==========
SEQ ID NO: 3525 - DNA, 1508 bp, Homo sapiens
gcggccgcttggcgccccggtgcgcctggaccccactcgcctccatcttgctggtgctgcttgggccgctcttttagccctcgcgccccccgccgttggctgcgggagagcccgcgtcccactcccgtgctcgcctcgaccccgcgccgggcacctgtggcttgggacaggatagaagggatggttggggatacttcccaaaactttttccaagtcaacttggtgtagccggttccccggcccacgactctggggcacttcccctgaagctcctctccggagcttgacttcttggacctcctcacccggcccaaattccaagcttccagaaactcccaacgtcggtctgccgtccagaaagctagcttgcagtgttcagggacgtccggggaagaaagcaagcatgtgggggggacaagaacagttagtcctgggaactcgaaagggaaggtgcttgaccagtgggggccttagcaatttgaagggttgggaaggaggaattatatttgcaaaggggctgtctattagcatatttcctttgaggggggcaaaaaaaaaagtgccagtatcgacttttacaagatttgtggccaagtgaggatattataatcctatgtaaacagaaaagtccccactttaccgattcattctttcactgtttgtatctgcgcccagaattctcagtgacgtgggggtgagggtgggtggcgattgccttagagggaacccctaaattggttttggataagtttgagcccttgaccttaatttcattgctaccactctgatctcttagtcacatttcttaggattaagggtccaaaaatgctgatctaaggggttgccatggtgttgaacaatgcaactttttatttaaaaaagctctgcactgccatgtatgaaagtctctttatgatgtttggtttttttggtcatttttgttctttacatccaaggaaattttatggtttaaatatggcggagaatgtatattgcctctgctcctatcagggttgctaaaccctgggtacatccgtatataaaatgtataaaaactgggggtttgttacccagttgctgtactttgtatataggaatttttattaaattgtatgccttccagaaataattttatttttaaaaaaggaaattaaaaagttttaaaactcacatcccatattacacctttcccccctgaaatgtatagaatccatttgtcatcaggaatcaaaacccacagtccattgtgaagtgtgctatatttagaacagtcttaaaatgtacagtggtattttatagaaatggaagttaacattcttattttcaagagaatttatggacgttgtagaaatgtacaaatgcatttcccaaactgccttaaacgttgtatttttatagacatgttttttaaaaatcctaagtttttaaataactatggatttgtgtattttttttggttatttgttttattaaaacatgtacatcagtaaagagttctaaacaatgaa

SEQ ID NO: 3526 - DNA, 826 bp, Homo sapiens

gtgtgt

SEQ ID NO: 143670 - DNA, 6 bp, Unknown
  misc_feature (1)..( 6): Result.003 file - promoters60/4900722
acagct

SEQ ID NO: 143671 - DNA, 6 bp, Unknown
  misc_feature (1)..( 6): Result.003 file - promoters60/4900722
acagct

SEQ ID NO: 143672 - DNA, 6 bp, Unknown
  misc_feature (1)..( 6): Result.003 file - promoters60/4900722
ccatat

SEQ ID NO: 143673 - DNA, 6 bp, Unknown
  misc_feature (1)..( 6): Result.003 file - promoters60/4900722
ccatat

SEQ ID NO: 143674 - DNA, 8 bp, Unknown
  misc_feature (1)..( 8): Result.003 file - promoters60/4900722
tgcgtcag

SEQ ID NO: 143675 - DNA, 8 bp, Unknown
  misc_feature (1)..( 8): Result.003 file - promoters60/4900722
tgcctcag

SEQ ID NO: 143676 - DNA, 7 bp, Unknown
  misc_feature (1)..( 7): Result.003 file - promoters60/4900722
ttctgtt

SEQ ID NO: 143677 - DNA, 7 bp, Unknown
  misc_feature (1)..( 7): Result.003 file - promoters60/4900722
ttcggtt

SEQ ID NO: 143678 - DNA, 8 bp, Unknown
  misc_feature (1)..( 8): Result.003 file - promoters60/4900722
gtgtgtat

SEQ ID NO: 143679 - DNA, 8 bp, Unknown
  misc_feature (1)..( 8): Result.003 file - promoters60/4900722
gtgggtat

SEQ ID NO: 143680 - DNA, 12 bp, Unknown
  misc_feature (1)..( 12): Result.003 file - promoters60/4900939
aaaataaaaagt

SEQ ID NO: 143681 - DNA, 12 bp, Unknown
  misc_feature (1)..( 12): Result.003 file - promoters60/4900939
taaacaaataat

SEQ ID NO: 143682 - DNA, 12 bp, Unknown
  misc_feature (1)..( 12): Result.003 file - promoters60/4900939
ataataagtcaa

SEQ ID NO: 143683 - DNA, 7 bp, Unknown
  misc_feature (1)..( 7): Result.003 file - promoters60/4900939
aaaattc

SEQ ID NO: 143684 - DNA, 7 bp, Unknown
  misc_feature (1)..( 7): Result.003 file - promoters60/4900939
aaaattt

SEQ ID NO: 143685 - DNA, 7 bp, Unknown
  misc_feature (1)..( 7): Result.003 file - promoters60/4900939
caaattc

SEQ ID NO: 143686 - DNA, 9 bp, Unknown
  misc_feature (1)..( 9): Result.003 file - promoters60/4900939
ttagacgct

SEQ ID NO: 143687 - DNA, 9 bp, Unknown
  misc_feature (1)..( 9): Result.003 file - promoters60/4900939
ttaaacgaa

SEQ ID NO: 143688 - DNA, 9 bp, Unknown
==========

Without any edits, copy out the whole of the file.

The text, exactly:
SEQ ID NO: 3525 - DNA, 1508 bp, Homo sapiens
gcggccgcttggcgccccggtgcgcctggaccccactcgcctccatcttgctggtgctgcttgggccgctcttttagccctcgcgccccccgccgttggctgcgggagagcccgcgtcccactcccgtgctcgcctcgaccccgcgccgggcacctgtggcttgggacaggatagaagggatggttggggatacttcccaaaactttttccaagtcaacttggtgtagccggttccccggcccacgactctggggcacttcccctgaagctcctctccggagcttgacttcttggacctcctcacccggcccaaattccaagcttccagaaactcccaacgtcggtctgccgtccagaaagctagcttgcagtgttcagggacgtccggggaagaaagcaagcatgtgggggggacaagaacagttagtcctgggaactcgaaagggaaggtgcttgaccagtgggggccttagcaatttgaagggttgggaaggaggaattatatttgcaaaggggctgtctattagcatatttcctttgaggggggcaaaaaaaaaagtgccagtatcgacttttacaagatttgtggccaagtgaggatattataatcctatgtaaacagaaaagtccccactttaccgattcattctttcactgtttgtatctgcgcccagaattctcagtgacgtgggggtgagggtgggtggcgattgccttagagggaacccctaaattggttttggataagtttgagcccttgaccttaatttcattgctaccactctgatctcttagtcacatttcttaggattaagggtccaaaaatgctgatctaaggggttgccatggtgttgaacaatgcaactttttatttaaaaaagctctgcactgccatgtatgaaagtctctttatgatgtttggtttttttggtcatttttgttctttacatccaaggaaattttatggtttaaatatggcggagaatgtatattgcctctgctcctatcagggttgctaaaccctgggtacatccgtatataaaatgtataaaaactgggggtttgttacccagttgctgtactttgtatataggaatttttattaaattgtatgccttccagaaataattttatttttaaaaaaggaaattaaaaagttttaaaactcacatcccatattacacctttcccccctgaaatgtatagaatccatttgtcatcaggaatcaaaacccacagtccattgtgaagtgtgctatatttagaacagtcttaaaatgtacagtggtattttatagaaatggaagttaacattcttattttcaagagaatttatggacgttgtagaaatgtacaaatgcatttcccaaactgccttaaacgttgtatttttatagacatgttttttaaaaatcctaagtttttaaataactatggatttgtgtattttttttggttatttgttttattaaaacatgtacatcagtaaagagttctaaacaatgaa

SEQ ID NO: 3526 - DNA, 826 bp, Homo sapiens

gtgtgt

SEQ ID NO: 143670 - DNA, 6 bp, Unknown
  misc_feature (1)..( 6): Result.003 file - promoters60/4900722
acagct

SEQ ID NO: 143671 - DNA, 6 bp, Unknown
  misc_feature (1)..( 6): Result.003 file - promoters60/4900722
acagct

SEQ ID NO: 143672 - DNA, 6 bp, Unknown
  misc_feature (1)..( 6): Result.003 file - promoters60/4900722
ccatat

SEQ ID NO: 143673 - DNA, 6 bp, Unknown
  misc_feature (1)..( 6): Result.003 file - promoters60/4900722
ccatat

SEQ ID NO: 143674 - DNA, 8 bp, Unknown
  misc_feature (1)..( 8): Result.003 file - promoters60/4900722
tgcgtcag

SEQ ID NO: 143675 - DNA, 8 bp, Unknown
  misc_feature (1)..( 8): Result.003 file - promoters60/4900722
tgcctcag

SEQ ID NO: 143676 - DNA, 7 bp, Unknown
  misc_feature (1)..( 7): Result.003 file - promoters60/4900722
ttctgtt

SEQ ID NO: 143677 - DNA, 7 bp, Unknown
  misc_feature (1)..( 7): Result.003 file - promoters60/4900722
ttcggtt

SEQ ID NO: 143678 - DNA, 8 bp, Unknown
  misc_feature (1)..( 8): Result.003 file - promoters60/4900722
gtgtgtat

SEQ ID NO: 143679 - DNA, 8 bp, Unknown
  misc_feature (1)..( 8): Result.003 file - promoters60/4900722
gtgggtat

SEQ ID NO: 143680 - DNA, 12 bp, Unknown
  misc_feature (1)..( 12): Result.003 file - promoters60/4900939
aaaataaaaagt

SEQ ID NO: 143681 - DNA, 12 bp, Unknown
  misc_feature (1)..( 12): Result.003 file - promoters60/4900939
taaacaaataat

SEQ ID NO: 143682 - DNA, 12 bp, Unknown
  misc_feature (1)..( 12): Result.003 file - promoters60/4900939
ataataagtcaa

SEQ ID NO: 143683 - DNA, 7 bp, Unknown
  misc_feature (1)..( 7): Result.003 file - promoters60/4900939
aaaattc

SEQ ID NO: 143684 - DNA, 7 bp, Unknown
  misc_feature (1)..( 7): Result.003 file - promoters60/4900939
aaaattt

SEQ ID NO: 143685 - DNA, 7 bp, Unknown
  misc_feature (1)..( 7): Result.003 file - promoters60/4900939
caaattc

SEQ ID NO: 143686 - DNA, 9 bp, Unknown
  misc_feature (1)..( 9): Result.003 file - promoters60/4900939
ttagacgct

SEQ ID NO: 143687 - DNA, 9 bp, Unknown
  misc_feature (1)..( 9): Result.003 file - promoters60/4900939
ttaaacgaa

SEQ ID NO: 143688 - DNA, 9 bp, Unknown